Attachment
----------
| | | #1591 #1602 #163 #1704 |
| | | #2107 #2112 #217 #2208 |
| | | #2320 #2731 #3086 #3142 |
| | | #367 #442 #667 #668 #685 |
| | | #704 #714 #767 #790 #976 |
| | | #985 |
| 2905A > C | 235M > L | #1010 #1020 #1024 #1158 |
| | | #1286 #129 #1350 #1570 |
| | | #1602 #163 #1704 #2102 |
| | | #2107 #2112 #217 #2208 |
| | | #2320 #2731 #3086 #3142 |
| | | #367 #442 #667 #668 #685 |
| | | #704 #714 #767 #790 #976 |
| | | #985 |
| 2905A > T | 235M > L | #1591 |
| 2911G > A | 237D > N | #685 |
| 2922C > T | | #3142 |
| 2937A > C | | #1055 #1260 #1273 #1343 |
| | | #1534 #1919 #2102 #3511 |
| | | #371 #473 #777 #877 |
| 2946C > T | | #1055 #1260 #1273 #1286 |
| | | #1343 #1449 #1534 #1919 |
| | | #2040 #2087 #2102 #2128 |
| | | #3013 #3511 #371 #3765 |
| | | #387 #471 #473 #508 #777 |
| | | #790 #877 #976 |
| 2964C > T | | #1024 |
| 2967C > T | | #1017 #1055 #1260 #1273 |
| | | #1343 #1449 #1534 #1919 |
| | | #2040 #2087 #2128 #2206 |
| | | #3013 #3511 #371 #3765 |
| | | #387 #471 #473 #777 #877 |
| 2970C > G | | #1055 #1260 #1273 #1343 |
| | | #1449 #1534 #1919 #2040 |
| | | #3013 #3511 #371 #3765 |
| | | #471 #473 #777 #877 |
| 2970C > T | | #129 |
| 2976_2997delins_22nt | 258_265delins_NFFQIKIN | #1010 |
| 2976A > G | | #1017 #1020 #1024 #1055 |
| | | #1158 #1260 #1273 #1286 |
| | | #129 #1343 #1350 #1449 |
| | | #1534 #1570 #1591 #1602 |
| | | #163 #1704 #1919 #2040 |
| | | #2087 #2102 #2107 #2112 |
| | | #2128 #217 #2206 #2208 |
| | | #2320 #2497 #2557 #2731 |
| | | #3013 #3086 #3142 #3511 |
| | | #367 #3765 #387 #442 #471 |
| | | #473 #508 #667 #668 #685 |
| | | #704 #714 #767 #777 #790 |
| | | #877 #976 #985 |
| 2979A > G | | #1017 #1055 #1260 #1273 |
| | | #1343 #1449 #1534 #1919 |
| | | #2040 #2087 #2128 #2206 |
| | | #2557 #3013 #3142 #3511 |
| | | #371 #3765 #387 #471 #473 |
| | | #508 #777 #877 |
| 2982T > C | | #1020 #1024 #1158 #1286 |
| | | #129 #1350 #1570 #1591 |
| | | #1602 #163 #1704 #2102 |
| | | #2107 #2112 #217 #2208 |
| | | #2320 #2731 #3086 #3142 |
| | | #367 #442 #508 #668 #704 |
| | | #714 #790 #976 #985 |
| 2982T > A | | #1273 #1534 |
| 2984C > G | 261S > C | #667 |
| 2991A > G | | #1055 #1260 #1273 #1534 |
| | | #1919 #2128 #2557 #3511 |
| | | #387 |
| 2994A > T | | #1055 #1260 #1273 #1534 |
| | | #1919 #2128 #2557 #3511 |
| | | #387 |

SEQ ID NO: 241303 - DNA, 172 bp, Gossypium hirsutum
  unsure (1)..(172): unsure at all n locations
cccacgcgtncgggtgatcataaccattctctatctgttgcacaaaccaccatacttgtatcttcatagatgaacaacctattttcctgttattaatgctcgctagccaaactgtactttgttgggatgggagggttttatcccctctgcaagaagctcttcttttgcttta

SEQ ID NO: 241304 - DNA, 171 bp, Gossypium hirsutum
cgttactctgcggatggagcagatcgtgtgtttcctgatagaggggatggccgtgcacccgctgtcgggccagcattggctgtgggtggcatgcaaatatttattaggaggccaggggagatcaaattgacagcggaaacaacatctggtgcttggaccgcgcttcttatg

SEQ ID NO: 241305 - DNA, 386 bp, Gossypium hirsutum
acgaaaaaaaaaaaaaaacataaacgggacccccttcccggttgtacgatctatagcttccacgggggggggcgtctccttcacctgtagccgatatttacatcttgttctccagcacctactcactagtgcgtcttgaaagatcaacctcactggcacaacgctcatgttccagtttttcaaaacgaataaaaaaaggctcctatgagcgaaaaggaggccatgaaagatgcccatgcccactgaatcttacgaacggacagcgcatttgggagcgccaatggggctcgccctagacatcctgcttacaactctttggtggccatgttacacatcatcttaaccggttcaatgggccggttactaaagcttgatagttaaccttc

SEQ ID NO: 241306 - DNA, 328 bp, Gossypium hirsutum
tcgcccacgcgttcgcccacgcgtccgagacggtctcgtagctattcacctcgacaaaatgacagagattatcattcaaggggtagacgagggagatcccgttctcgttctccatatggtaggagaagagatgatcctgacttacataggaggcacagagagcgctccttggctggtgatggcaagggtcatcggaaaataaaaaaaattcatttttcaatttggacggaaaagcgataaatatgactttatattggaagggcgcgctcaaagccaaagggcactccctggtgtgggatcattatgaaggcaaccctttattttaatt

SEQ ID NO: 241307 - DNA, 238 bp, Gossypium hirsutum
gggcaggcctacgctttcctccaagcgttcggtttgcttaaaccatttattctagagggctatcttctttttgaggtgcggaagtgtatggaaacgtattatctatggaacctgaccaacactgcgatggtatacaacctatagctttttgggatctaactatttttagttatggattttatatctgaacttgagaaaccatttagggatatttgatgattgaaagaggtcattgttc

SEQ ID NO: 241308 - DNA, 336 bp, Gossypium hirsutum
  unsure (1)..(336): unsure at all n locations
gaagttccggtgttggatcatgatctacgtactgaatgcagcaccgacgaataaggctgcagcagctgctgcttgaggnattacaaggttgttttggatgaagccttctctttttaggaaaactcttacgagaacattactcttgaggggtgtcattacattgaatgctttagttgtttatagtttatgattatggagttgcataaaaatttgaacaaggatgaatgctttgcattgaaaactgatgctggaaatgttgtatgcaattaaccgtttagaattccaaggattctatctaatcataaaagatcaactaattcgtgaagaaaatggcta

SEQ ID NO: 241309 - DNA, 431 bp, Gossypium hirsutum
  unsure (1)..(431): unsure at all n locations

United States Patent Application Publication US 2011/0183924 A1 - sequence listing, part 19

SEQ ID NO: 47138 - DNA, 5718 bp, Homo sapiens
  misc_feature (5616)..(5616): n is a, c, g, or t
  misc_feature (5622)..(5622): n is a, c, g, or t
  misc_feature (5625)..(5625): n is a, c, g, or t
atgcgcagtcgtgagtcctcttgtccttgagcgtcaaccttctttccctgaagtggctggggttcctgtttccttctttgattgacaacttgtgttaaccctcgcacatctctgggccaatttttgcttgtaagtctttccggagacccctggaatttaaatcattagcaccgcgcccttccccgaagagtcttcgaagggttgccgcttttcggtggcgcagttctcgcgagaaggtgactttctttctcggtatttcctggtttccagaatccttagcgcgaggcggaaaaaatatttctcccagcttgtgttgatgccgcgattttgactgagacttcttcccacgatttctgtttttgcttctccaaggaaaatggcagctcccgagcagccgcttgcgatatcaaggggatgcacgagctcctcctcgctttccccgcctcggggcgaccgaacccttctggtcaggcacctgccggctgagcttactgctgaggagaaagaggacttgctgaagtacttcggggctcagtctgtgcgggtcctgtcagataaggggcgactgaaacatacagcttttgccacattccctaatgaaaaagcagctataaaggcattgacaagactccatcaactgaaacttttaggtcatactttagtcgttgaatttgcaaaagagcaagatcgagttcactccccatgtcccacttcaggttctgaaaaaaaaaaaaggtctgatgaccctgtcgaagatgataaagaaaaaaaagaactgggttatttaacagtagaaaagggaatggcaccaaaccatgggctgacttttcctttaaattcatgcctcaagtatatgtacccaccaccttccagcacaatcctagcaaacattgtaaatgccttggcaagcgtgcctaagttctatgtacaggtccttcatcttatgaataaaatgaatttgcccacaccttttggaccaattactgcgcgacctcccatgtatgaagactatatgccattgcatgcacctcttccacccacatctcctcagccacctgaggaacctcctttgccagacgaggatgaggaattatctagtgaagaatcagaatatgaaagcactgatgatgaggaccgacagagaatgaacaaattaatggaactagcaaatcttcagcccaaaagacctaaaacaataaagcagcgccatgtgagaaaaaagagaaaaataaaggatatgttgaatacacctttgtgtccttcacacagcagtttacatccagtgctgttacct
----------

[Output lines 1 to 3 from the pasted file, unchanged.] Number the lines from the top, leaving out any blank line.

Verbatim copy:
| | | #1591 #1602 #163 #1704 |
| | | #2107 #2112 #217 #2208 |
| | | #2320 #2731 #3086 #3142 |